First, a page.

The whole vulture funds vs. Argentina saga is more stale than a three day old media luna. It made headlines again due to a fairly meaningless development that should push this Government to settle if they cared about putting the economy back on track. Spoiler alert – they don’t.
Argentina has suspended Citibank Argentina’s ability to operate in the local stock and bonds market because Citi dropped its appeal of New York Judge Griesa’s ruling that classified dollar denominated bonds issued under local law as international debt. This decision means that Argentina cannot make payments on these local law bonds until they settle with the holdouts.
It’s confusing. And at the end of the day it’s meaningless to the market. Cristina Fernández de Kirchner’s administration is in a race against the clock to make it to the end of her term without the economy imploding, and not paying these holdouts is a populist ploy to retain her status as defender of Argentina. The somewhat sexist phrase “she’ll break every dish in the kitchen” before the end of her term is true – she pledged not to pay the holdouts and she won’t. The market honestly doesn’t care anymore because most participants believe reaching a settlement with these “vultures” will be one of the first accomplishments of her replacement come December 2015. Anything that happens until then save a full-fledged block on Argentina’s ability to transfer funds is just noise.
But in the spirit of journalism’s brand of keeping up with the Joneses, let’s take the mandatory look at what this new development means in terms of the vultures vs. Argentina saga and in the broader context of Argentina’s mess of an economy.
Argentina defaulted on its roughly US $82 billion worth of dollar-denominated foreign debt back in 2002. In 2005 and then in 2010, the government offered holders of the defaulted bonds the opportunity to exchange their bonds for restructured bonds worth only about 30 percent of the original face value. Approximately 93 percent of all bondholders participated in these exchanges, but within the remaining 7 percent are the “vulture funds”, or holders of original debt that predominantly bought these defaulted instruments for cents on the dollar and then sued for face value – and won.
New York Federal district judge Thomas Griesa ruled that in order to continue making payments on the restructured bonds, Argentina must pay the holdouts in full. Which they did not want to do.
Griesa’s ruling only has teeth because it goes on to state that any bank or financial institution that helps or facilitates Argentina making payments on exchange bonds is in violation of his ruling. Which is a huge deal and carries heavy financial and legal penalties that could include jail time for executives.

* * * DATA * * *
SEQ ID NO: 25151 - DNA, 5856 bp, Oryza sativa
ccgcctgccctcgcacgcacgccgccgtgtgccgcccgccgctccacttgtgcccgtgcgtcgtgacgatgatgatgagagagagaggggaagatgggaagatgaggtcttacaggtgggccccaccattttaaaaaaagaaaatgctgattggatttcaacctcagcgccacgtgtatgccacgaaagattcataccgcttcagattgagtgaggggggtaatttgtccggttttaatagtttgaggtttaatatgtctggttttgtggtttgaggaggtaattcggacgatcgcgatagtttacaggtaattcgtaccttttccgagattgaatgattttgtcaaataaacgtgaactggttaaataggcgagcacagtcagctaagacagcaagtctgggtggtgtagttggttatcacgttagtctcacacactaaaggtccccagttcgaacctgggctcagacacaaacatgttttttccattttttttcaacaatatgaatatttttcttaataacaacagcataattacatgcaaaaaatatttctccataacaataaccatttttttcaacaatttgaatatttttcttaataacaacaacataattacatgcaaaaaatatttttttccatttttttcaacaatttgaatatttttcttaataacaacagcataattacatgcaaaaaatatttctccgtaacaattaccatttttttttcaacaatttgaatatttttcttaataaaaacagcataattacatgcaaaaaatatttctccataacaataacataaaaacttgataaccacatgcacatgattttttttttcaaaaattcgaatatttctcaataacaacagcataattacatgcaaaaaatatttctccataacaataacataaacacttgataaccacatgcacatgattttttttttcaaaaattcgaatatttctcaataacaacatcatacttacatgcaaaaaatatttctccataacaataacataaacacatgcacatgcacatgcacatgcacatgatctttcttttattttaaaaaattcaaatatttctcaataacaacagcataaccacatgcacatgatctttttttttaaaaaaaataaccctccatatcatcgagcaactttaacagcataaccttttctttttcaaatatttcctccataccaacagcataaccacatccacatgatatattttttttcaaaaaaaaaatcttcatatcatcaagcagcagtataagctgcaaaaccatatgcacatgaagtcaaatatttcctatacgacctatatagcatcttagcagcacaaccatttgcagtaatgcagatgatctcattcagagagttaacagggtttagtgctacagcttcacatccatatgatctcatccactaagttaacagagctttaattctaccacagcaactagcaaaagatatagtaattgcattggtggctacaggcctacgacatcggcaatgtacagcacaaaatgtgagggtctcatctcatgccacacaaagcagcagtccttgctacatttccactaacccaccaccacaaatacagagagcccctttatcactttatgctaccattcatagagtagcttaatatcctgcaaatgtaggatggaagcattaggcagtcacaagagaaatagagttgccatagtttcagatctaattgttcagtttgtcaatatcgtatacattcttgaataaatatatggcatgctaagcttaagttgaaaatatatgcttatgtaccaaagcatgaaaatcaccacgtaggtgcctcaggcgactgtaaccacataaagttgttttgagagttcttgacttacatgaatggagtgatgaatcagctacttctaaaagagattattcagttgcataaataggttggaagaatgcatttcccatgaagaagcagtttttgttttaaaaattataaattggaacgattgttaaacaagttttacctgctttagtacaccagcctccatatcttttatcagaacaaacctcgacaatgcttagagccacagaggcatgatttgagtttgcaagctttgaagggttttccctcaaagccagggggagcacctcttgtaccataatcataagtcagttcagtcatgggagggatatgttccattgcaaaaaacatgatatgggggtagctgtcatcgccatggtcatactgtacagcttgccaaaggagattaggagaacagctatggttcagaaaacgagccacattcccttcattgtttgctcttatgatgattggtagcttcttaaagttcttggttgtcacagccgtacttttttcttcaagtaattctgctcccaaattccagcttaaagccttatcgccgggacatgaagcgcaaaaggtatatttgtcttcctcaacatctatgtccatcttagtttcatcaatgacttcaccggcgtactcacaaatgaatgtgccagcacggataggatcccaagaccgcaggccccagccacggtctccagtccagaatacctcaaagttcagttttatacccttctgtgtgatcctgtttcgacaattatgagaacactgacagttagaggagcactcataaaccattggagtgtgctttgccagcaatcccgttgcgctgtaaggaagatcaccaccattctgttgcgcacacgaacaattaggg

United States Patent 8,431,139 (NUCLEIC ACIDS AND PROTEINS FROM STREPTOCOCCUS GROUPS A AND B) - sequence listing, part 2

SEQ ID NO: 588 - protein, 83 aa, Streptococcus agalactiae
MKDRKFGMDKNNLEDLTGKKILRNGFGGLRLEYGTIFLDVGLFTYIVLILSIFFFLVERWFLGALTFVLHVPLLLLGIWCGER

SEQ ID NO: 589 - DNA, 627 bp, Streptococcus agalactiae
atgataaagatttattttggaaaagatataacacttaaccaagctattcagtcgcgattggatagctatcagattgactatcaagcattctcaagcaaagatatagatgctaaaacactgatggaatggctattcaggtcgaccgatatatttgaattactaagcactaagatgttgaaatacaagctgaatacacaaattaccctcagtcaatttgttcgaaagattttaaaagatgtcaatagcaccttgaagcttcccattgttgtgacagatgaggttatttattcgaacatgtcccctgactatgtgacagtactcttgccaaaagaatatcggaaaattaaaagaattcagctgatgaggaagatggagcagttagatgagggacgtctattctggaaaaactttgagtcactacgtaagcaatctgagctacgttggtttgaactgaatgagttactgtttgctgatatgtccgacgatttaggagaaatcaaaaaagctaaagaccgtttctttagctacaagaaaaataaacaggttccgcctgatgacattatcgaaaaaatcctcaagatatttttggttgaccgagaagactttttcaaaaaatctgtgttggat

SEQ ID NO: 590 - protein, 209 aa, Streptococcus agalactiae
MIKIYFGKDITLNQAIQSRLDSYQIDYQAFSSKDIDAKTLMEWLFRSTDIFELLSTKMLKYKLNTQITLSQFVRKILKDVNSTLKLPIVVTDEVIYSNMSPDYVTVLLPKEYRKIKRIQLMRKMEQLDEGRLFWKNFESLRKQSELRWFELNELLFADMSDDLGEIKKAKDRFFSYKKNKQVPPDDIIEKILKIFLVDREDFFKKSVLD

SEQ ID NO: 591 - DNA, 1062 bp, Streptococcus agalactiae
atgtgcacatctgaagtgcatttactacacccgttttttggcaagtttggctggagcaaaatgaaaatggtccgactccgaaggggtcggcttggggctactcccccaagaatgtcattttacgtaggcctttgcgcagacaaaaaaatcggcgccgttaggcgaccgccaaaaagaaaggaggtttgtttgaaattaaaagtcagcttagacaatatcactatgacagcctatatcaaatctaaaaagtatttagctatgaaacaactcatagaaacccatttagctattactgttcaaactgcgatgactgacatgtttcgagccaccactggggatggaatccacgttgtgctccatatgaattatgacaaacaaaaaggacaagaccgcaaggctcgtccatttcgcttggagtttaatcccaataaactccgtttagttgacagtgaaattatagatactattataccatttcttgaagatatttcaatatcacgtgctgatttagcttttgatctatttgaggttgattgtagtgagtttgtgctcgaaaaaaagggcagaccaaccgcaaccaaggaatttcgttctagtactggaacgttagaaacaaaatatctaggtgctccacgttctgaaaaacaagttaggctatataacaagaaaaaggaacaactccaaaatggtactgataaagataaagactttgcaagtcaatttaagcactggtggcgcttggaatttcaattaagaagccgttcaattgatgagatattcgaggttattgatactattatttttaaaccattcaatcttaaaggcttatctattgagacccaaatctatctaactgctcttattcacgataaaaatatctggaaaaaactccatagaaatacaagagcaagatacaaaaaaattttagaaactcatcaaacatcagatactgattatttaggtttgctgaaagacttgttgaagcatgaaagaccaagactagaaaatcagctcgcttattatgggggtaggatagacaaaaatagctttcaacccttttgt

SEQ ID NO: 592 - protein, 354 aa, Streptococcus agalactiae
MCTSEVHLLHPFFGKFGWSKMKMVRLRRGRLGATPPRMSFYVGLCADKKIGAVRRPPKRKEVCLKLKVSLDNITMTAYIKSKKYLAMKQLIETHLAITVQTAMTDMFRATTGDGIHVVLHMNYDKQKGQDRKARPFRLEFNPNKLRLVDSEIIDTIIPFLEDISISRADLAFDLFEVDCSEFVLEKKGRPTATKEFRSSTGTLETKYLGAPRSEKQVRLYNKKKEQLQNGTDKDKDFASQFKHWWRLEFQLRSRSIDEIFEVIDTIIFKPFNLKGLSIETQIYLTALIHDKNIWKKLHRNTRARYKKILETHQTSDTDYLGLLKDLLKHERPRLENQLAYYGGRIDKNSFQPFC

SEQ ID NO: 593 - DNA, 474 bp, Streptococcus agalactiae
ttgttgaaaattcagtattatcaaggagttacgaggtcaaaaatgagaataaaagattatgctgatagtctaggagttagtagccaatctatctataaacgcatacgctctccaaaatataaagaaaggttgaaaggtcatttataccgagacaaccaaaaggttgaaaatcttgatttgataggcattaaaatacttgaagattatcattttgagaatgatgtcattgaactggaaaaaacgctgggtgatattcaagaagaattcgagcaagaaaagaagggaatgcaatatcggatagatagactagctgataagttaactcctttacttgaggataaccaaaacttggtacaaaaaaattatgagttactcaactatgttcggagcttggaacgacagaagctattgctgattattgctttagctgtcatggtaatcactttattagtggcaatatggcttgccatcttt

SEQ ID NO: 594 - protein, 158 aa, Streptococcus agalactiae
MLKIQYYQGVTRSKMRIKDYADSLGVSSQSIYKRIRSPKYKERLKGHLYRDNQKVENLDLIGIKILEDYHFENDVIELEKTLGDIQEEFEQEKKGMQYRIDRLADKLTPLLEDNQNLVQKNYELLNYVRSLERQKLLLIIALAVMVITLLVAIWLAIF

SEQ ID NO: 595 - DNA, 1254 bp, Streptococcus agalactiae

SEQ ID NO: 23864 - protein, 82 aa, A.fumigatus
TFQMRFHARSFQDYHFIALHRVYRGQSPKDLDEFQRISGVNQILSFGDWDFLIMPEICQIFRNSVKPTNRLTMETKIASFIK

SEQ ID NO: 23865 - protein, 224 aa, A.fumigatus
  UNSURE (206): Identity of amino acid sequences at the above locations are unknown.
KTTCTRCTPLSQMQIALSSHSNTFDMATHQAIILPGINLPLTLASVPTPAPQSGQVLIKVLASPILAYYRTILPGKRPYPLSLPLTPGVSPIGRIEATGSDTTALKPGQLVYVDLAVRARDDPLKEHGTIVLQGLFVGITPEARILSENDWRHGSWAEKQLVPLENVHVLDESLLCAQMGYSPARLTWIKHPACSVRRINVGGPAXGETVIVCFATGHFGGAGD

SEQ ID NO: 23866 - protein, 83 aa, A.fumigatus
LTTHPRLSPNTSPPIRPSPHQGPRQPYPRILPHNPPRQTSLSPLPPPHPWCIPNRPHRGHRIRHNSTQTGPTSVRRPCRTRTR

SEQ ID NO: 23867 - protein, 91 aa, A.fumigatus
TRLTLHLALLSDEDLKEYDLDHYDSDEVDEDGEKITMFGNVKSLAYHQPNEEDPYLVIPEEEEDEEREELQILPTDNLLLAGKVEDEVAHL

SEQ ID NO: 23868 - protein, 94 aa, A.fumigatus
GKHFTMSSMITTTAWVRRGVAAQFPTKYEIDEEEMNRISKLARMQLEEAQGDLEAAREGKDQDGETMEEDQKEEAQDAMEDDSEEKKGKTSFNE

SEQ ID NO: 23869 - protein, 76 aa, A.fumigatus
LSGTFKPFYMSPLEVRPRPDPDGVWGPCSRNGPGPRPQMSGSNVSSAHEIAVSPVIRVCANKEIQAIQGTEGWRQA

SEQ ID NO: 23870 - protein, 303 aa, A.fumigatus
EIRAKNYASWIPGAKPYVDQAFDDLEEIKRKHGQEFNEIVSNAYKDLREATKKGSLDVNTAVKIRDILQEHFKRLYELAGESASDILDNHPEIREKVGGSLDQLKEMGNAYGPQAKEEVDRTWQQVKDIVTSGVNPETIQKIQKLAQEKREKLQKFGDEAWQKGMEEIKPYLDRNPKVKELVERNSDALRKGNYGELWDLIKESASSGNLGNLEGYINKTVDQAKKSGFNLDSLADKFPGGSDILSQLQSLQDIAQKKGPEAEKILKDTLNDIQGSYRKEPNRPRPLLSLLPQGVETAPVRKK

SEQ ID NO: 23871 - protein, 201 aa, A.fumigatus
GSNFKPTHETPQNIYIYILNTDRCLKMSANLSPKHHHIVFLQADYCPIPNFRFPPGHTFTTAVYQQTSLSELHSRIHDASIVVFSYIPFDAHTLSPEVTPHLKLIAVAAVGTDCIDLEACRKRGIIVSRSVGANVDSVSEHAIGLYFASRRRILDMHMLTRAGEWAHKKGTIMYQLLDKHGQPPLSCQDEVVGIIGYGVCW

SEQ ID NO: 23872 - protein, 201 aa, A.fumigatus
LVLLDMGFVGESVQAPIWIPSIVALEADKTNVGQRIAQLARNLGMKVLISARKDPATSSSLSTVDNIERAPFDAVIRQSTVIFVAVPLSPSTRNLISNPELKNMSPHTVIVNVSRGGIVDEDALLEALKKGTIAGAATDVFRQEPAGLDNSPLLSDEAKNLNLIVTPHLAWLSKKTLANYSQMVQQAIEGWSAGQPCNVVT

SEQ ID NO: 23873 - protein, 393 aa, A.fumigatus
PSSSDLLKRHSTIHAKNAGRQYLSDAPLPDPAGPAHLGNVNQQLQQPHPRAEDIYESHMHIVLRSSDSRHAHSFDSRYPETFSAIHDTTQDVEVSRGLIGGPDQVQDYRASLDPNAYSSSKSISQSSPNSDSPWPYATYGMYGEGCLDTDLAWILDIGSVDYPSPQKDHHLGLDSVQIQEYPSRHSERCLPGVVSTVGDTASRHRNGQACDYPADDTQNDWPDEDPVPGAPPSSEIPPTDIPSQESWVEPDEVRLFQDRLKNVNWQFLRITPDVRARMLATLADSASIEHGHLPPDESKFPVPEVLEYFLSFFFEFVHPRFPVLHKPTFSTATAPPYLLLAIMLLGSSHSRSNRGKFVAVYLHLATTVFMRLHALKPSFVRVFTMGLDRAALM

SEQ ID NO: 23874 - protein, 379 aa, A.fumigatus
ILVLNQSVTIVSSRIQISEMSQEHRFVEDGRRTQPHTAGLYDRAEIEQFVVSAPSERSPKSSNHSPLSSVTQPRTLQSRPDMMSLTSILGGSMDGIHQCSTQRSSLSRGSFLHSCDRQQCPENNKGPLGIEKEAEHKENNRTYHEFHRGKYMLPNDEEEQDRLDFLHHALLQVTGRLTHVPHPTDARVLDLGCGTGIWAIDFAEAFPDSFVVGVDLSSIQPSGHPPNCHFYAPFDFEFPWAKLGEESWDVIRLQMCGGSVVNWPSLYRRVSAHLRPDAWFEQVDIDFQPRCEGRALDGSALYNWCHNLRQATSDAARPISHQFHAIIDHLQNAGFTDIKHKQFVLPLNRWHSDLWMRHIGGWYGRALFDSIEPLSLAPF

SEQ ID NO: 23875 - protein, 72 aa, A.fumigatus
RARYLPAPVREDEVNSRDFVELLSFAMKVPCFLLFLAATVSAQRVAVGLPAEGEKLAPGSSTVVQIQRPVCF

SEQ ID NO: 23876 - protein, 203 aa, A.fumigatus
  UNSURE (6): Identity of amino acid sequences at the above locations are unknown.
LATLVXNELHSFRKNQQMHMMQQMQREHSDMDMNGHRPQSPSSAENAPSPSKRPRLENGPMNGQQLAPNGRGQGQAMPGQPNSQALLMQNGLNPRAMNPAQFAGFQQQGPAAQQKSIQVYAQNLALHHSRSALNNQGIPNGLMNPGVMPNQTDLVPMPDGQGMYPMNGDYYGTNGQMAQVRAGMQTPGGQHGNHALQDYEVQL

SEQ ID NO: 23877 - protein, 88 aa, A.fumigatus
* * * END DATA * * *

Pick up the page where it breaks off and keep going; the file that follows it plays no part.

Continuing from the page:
When stocks and bonds are transferred between two parties, or payments made on these instruments, we no longer live in a world where you take a paper coupon to a bank and receive a bag of cash. Put simply, the country making the payments first transfers this money to a custodian or trustee who then passes the funds along to a clearing agent, who is also responsible when these bonds change hands. These are at least two additional financial institutions that the funds must pass through to reach the bondholders.
Argentina’s mature response to Griesa’s ruling has been something between a game of hot potato and an emotional tantrum. In July Argentina deposited US $539 million with Bank of New York Mellon, the trustee. When BNY Mellon was forbidden to transfer these payments, Argentina took out a full page ad in the Washington Post (with all their spare cash) asking BNY Mellon to resign as trustee. They then revoked BNY Mellon’s license to operate and attempted to replace them with Nacion Fideicomisos, a subsidiary of Banco de la Nacion, who would have made these payments locally.
Argentina deposited US $161 million with Nación Fideicomisos in connection with a September 30 interest payment, but again these payments could not be distributed.
Besides the fact that Banco Nación lacks a corporate trust office in Manhattan, a trustee requirement under the bond contracts, Griesa found Argentina in contempt of court for trying to circumvent his ruling. So Argentina has been unable to make payments on its restructured debt since the initial ruling, despite attempts to make the payments locally or in other jurisdictions. At some point in the payment chain, a financial institution who doesn’t want to violate New York law and face sanctions has to touch the money.